It’s Christmas, 2015. There is a full moon, the same as the one in total eclipse of September 27, not quite two months earlier. Mom had died that morning, happy to the end, surrounded by many, by no means all, of those who loved her. She was 92.
Today, I woke at 2 a.m. and, unable to go back to sleep, I got up to go out with Toby, our rescued earless cafe-au-lait miniature poodle. When we emerged from the apartments’ entrance, that gobsmacking moon pooched me back to that night in Colorado. I was a night that followed a day of loss and gain, tears and laughter, purposeful plodding forward and spinning aimlessly in a haze of unbelief.
Nearing the end of it, with family members and friends of all ages, we gathered on a wooden bridge in the Fort Collins greenbelt near Mom’s now-vacated apartment, the same one she had shared with Dad until his own sudden departure a decade earlier. There we stared and saluted and drank her godspeed. All toasted the darkling moon, each in our own way.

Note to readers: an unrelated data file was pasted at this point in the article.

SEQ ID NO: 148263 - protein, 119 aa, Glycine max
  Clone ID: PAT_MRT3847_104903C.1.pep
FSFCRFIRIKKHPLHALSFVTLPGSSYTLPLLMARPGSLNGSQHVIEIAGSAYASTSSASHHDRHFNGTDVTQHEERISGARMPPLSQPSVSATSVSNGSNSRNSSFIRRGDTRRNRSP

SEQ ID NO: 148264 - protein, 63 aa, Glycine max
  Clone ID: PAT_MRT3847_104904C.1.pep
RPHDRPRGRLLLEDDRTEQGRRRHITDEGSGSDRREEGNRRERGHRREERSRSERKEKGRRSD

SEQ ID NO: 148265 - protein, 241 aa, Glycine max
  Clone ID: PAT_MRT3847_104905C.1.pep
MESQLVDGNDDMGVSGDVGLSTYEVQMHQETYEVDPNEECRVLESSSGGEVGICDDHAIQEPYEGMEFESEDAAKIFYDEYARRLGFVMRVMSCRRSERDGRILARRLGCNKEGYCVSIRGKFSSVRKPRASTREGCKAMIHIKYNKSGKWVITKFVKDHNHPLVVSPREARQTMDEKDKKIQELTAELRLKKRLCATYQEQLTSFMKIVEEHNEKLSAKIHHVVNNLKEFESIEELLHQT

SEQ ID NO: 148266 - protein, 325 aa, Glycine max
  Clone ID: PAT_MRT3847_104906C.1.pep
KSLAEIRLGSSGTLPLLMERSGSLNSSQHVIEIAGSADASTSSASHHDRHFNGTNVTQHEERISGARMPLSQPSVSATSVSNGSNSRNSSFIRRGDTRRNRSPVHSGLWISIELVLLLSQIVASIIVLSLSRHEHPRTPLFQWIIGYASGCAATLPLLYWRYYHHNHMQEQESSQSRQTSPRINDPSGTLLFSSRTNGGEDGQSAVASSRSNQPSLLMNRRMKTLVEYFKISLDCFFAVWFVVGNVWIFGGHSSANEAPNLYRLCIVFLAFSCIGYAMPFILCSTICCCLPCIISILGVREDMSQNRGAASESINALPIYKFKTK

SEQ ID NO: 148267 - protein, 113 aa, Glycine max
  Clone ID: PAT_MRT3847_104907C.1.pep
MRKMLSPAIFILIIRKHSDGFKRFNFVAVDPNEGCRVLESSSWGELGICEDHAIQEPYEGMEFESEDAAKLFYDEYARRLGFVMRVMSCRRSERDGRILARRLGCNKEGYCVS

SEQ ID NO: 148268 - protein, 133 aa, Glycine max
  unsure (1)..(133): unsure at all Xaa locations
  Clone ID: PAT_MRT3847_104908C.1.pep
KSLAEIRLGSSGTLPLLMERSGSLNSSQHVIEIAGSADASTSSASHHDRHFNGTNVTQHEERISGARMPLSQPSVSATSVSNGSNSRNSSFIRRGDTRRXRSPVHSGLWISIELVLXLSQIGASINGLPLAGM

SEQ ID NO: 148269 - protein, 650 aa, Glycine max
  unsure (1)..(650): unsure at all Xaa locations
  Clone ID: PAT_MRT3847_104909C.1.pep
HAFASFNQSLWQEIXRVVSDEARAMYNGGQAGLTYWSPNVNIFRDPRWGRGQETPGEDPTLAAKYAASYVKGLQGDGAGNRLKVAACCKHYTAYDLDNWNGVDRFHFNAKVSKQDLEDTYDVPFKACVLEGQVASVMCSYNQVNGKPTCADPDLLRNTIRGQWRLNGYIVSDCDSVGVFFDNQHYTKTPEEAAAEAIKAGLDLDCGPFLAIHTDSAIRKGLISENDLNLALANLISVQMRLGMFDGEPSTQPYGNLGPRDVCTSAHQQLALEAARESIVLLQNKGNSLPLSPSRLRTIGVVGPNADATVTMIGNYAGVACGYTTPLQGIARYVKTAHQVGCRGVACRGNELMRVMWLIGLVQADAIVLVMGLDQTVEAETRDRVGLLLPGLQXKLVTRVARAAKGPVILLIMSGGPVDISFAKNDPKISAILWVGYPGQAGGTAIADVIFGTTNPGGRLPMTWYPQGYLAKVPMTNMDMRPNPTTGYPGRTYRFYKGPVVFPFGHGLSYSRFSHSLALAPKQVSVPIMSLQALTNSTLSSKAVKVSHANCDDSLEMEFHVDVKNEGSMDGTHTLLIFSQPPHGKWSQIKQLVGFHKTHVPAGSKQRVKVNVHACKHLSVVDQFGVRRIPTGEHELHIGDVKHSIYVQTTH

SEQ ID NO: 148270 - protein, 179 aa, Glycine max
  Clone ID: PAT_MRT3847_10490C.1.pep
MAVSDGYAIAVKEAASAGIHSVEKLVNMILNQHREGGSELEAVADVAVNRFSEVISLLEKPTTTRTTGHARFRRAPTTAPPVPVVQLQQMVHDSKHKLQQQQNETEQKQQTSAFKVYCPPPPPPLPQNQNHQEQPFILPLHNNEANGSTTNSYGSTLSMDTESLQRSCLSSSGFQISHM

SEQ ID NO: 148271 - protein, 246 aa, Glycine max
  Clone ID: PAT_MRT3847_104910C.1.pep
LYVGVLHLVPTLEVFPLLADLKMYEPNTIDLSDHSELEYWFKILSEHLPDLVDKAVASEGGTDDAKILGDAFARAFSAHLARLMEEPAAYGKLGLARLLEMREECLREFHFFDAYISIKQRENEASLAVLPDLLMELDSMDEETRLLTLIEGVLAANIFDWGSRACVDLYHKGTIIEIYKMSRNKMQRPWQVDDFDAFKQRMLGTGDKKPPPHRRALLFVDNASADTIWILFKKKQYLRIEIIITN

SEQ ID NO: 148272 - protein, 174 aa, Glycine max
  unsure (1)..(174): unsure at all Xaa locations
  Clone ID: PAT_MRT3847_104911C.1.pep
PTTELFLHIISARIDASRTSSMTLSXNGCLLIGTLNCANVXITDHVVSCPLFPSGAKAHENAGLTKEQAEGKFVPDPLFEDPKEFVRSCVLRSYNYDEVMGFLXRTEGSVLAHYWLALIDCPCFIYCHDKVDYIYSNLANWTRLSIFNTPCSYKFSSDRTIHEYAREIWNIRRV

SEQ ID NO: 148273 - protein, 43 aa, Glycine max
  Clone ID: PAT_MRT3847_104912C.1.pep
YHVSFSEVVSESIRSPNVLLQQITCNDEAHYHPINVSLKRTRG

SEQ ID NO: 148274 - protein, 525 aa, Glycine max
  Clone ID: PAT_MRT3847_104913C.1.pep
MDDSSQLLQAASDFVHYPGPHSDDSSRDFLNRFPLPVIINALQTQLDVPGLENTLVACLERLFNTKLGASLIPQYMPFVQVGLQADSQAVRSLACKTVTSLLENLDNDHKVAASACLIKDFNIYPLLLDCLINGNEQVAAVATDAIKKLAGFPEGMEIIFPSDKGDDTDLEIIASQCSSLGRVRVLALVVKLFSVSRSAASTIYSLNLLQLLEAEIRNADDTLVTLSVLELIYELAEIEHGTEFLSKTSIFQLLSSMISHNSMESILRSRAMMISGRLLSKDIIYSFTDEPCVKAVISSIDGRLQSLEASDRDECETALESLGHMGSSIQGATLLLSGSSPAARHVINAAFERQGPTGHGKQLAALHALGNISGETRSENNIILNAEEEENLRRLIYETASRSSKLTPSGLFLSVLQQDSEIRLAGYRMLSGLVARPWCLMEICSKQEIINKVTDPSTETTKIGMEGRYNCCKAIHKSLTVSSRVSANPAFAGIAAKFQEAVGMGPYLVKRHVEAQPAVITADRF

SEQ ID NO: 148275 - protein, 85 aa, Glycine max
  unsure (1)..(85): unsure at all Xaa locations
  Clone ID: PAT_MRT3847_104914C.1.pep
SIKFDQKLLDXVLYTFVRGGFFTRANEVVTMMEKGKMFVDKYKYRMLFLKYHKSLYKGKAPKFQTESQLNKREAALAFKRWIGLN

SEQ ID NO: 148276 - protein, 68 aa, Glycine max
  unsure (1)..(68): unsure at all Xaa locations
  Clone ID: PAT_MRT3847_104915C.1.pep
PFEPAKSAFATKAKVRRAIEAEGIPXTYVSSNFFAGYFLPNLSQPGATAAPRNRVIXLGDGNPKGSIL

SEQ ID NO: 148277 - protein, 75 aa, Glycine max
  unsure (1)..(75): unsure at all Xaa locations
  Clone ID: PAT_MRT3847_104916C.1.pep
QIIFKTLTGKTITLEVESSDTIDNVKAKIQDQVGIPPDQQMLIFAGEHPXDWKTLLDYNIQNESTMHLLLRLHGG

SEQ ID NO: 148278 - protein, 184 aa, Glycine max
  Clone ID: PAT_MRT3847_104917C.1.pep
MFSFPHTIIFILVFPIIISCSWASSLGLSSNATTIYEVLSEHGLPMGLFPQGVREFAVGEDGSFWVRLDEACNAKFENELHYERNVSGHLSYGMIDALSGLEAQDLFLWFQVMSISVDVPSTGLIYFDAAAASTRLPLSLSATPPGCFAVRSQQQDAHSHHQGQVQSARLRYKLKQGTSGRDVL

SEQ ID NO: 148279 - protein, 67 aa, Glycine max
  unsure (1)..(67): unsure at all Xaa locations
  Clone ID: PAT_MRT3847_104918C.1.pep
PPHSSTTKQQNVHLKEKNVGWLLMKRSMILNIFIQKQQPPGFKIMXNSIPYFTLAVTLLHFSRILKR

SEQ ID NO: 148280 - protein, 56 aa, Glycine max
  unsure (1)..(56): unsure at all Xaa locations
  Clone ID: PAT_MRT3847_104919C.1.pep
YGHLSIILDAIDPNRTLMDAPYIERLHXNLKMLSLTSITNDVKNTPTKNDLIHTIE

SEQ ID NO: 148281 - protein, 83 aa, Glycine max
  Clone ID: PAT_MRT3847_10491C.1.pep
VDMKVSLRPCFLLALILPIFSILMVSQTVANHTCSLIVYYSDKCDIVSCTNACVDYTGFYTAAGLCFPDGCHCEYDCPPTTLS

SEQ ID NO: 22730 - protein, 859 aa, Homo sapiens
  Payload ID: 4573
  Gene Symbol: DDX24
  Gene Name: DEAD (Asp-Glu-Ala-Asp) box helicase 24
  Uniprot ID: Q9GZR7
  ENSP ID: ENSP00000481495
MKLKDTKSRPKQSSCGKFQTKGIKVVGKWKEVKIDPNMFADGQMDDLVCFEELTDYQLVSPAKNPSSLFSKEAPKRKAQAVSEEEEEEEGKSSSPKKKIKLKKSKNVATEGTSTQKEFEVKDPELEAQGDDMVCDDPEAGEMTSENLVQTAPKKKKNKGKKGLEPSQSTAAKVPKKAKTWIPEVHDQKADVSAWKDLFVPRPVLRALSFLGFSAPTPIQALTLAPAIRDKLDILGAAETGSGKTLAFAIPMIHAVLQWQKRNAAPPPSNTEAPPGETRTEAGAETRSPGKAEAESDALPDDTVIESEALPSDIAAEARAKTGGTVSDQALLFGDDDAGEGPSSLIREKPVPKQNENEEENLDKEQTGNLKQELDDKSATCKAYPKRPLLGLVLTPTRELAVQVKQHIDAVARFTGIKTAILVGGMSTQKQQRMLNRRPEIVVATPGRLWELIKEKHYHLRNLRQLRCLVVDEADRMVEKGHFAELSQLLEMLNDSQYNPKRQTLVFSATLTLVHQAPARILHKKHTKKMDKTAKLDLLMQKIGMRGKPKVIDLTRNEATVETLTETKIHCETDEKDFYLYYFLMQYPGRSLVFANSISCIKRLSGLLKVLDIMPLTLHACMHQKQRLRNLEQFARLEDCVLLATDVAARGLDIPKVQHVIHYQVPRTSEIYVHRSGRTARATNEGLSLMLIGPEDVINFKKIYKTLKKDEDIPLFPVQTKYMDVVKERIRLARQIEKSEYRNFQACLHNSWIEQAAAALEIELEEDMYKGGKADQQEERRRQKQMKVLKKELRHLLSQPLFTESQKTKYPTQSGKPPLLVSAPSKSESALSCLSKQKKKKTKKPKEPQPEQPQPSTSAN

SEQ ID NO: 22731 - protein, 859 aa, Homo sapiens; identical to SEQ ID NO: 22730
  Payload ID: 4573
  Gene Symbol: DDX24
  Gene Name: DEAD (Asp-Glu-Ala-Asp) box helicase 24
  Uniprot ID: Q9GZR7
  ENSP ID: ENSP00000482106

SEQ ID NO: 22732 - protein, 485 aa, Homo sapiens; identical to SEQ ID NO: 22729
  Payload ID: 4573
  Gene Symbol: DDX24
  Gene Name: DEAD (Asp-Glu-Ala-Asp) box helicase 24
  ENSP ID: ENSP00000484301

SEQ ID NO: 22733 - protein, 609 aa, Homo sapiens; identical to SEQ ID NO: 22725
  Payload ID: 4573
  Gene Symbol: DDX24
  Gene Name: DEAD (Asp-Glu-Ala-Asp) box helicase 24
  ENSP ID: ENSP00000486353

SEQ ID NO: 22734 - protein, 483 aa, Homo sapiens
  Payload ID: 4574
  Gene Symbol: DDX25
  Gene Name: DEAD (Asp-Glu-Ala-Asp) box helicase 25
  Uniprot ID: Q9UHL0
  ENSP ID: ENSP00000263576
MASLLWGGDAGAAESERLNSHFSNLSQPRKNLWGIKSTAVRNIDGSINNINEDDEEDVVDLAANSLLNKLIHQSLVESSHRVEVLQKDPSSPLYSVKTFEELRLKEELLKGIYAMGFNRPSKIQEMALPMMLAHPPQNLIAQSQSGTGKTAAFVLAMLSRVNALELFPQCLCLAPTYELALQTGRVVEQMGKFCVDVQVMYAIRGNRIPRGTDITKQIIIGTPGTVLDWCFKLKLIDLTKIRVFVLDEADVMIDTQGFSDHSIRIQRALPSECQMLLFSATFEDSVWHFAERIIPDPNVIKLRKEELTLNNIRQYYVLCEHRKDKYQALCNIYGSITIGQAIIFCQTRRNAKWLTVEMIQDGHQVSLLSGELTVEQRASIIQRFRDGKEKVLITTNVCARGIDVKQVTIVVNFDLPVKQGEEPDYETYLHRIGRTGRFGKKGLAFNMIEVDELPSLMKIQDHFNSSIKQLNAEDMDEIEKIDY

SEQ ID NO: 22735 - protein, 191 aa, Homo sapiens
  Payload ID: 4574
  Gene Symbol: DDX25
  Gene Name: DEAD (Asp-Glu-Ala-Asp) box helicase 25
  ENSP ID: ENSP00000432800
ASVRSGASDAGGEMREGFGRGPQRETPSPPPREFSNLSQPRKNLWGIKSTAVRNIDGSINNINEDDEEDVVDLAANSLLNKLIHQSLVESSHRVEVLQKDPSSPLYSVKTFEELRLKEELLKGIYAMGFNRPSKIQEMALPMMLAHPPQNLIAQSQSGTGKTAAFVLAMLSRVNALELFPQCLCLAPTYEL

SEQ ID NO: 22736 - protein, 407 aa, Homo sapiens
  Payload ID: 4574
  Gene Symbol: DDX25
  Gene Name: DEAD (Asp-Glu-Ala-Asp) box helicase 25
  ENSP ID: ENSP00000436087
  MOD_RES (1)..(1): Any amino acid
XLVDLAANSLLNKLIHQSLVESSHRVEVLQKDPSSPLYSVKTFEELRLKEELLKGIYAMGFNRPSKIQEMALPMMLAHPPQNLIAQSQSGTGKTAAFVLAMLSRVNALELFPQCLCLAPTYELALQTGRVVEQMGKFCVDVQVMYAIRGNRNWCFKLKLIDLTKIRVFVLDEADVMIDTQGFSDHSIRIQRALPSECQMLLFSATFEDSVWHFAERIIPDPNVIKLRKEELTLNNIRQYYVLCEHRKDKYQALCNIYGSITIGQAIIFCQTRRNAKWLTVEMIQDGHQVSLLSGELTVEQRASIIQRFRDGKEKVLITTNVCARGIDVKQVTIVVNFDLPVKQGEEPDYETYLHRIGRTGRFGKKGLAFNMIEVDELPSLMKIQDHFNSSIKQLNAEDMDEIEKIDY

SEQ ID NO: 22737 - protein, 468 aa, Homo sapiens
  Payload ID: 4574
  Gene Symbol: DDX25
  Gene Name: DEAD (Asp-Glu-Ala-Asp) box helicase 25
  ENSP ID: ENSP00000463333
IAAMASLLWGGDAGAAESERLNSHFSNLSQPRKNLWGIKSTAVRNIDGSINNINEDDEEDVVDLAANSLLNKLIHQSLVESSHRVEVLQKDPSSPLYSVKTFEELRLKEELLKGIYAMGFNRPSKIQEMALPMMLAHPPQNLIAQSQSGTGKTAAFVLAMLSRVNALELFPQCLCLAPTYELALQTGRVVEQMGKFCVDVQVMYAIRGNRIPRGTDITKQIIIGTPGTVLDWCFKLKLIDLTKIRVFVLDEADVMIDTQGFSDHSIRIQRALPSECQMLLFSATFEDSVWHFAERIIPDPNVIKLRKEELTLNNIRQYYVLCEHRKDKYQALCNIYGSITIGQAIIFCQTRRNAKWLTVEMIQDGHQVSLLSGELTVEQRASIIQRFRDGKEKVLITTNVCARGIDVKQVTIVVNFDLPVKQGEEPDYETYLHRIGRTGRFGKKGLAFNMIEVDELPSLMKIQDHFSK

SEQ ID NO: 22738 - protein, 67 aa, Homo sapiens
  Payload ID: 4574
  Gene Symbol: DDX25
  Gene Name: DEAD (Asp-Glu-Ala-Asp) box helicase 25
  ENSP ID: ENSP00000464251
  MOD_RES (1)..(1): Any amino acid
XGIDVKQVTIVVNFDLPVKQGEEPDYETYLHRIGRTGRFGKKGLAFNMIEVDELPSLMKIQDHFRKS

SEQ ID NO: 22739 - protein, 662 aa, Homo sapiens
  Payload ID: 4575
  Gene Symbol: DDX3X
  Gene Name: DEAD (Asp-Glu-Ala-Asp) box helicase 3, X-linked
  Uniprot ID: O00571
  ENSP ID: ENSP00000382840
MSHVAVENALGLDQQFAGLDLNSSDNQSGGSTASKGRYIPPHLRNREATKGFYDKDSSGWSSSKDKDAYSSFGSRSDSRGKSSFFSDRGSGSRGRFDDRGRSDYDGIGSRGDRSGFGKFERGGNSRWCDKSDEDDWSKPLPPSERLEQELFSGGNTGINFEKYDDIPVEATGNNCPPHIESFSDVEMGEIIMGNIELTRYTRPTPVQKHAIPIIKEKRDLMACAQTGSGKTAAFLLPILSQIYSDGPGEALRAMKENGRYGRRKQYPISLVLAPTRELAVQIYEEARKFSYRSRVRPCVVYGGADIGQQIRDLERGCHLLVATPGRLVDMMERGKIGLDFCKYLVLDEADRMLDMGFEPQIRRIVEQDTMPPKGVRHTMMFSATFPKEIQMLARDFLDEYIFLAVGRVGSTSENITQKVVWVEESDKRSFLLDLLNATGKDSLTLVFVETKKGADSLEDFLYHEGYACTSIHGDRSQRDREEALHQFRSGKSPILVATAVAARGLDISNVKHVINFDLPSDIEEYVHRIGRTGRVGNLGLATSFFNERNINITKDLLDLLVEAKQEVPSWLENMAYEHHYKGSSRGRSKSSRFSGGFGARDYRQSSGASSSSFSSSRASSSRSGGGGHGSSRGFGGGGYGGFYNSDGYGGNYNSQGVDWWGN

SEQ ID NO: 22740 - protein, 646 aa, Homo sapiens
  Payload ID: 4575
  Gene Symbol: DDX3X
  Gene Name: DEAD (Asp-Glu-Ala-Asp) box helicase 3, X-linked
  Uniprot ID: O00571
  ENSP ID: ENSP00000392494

My chest filled with pride as I listened to our daughter offer a gracious, articulate and well-deserved tribute to my sister, whose management of the complex, inexorable progress to the finale rendered its sequence endurable. I watched and listened as Mom’s two great-granddaughters raced back nd forth along the path under the stars in the two now-orphaned electric carts that remained of the three Dad had bought as their years advanced and mobility deserted them.
To the memory of my parents, and to all of our consanguinal, affinal and embraced kinfolks, past and present, living or dead, and to all the Human Family, I dedicate this site.